Competitions nos. 161A and 161B: results

Clennell Wilkinson firstly asks what a 1933 Alice would be thinking about when she fell down the “very deep well”. He issues a warning against “mere Freudian facetiousness” – which in my view is a pity, as there could have been some amusing Freudian material. Now, when I turned to the results, I note immediately, that Wilkinson runs straight into the exact problem I suspected. The entries have been so afraid to be facetious or Freudian that it’s cramped their style.

Willkinson also notes that Carroll has a deceptively simple and quiet and abbreviated style. He mentions no near-misses, and give the prize to Southron as the only entrant who has done what he’d hoped – give a modern twist on a Victorian girl. The runner up, H.C.M., is allowed to win because Wilkinson says it does sound like a girl (!). Note that Amy Johnson is the heroine for the first entry – or, as we’ve seen, Amy Mollison, as she was then known. Interesting that ‘ripping’ is still considered an in-word. I vaguely doubt this.


The B competition is based on an overheard (by Wilkinson) on a bus.

First Lady: ‘My dear, I have just come across such a good book, you really must get it from the library’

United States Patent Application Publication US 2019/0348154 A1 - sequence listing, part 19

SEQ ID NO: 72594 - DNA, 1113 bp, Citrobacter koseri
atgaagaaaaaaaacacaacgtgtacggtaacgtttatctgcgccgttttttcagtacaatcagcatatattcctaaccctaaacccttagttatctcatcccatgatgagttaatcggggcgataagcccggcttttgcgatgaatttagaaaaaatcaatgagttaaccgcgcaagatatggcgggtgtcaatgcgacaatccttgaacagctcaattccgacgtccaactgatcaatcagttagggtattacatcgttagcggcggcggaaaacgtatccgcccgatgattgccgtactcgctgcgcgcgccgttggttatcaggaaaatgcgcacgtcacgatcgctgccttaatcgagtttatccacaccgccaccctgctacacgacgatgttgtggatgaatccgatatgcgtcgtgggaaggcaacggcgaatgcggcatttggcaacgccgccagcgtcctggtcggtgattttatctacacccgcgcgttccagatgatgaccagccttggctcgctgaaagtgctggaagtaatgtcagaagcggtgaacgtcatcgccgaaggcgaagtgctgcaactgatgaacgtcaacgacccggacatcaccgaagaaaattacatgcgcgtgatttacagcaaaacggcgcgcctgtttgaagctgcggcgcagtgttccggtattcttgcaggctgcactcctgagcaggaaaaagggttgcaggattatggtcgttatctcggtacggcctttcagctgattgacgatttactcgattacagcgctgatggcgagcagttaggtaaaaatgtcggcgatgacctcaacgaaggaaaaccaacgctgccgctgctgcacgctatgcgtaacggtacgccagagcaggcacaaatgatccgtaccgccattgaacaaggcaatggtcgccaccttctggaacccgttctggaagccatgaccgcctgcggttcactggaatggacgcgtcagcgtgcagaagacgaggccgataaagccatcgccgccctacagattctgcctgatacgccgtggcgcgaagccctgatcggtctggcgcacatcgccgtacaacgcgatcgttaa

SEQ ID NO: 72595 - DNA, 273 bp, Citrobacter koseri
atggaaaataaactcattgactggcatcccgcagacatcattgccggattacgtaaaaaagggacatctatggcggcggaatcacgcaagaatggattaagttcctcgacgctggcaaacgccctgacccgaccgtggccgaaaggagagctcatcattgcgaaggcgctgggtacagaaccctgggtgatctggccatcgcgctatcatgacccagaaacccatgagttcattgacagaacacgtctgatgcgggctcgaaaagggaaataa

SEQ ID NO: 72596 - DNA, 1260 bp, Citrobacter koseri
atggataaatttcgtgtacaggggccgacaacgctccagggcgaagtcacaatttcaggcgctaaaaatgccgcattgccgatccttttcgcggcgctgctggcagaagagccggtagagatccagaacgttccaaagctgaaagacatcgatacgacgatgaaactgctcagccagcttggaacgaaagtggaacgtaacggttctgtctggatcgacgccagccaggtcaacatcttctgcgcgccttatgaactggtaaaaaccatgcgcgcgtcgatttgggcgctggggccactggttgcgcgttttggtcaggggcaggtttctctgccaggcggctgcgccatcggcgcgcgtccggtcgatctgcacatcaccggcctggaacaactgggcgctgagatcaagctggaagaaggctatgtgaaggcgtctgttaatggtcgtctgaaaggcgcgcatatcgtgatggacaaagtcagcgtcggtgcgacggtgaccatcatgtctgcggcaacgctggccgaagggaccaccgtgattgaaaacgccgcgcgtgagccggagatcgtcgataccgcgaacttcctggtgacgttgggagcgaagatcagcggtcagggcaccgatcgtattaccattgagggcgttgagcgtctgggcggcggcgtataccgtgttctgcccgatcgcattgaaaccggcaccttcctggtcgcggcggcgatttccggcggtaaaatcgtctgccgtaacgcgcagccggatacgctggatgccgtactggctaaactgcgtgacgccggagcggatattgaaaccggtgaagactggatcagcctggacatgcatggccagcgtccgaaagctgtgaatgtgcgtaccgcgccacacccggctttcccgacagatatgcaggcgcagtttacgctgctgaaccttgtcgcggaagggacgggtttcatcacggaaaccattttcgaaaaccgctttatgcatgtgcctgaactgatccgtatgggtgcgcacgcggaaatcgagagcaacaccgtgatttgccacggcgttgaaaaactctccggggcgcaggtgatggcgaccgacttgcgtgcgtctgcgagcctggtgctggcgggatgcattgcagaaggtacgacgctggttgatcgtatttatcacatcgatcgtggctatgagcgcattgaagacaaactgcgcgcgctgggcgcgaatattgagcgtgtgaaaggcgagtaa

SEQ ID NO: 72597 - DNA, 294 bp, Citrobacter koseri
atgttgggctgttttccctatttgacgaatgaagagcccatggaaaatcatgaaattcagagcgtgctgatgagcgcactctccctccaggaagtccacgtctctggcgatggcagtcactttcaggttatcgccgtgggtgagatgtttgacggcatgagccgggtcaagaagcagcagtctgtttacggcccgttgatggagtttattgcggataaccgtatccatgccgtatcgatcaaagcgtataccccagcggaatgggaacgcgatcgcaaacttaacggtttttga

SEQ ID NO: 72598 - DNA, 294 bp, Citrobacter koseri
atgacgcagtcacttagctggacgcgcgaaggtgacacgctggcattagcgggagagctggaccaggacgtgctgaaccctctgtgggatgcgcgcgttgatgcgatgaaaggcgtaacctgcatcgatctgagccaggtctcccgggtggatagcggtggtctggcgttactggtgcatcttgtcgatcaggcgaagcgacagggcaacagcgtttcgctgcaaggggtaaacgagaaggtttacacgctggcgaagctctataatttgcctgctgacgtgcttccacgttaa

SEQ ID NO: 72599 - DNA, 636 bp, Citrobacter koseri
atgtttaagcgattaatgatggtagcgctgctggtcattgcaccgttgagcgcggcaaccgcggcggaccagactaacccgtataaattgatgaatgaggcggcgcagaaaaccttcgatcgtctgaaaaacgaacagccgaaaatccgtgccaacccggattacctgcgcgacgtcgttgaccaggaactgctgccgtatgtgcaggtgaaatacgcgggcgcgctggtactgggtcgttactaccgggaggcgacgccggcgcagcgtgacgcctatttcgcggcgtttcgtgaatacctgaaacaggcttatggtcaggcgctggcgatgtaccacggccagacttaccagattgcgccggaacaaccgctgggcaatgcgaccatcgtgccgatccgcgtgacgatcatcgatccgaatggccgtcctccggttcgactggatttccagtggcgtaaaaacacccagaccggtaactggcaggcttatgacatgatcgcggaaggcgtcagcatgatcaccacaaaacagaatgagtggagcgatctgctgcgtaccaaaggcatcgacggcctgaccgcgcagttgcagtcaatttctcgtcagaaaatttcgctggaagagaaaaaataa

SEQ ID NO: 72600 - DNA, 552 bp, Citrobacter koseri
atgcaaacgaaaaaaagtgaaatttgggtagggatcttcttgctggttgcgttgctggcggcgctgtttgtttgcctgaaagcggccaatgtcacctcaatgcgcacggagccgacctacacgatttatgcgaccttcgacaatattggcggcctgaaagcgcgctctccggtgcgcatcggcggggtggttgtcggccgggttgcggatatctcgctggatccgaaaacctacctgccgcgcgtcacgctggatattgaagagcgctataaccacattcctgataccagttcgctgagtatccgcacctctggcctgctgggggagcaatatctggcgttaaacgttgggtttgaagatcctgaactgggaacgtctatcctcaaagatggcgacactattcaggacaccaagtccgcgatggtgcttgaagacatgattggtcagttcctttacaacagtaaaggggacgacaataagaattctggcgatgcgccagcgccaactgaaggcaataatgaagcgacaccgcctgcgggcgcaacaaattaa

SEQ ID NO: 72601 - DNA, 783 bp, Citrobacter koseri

Second Lady: ‘What’s it called?’

First Lady: ‘The Card by Matthew Arnold’

Now, there’s a potentially great competition here – which is to write an extract of The Card by Matthew Arnold (instead of Arnold Bennett, if you haven’t got it). But Wilkinson simply asks for some overheards. As he says, these kinds of verbal blunder are somehow better if you know them to be true, but the truth, as it were, is that the examples provided, often appended with a note saying ‘this actually happened’, are not in themselves very funny. Thus:

The Last Days of Pompeii by Lytton Strachey (should be Edward Bulwer Lytton)

South Wind by Montagu Norman (should be Norman Douglas; MN was the governor of the Bank of England)

The Golden Arrow by Conrad Veidt (Wilkinson admits this takes a bit of thought. Mary Webb wrote The Golden Arrow; Joseph Conrad wrote The Arrow of Gold; Conrad Veidt was a German actor who appeared in The Cabinet of Dr. Cagliari and later also in Casablanca)

Babbitt by Upton Sinclair (should be Sinclair Lewis)

The Jungle Book by Upton Sinclair (Sinclair’s most famous work was The Jungle)

… are not brilliant, although I laughed at the last one.

There are really predictable D.H.Lawrence/T.E.Lawrence mix-ups mentioned, but in fact the guinea winning entry by W.A. Rathkey strikes me as completely feeble. However, Myra Verney‘s is genuinely clever. She’s mixing up Botticelli’s painting Primavera with the Italian boxing champion Primo Carnera who was about to become the world heavyweight champ (he was known as ‘The Ambling Alp).




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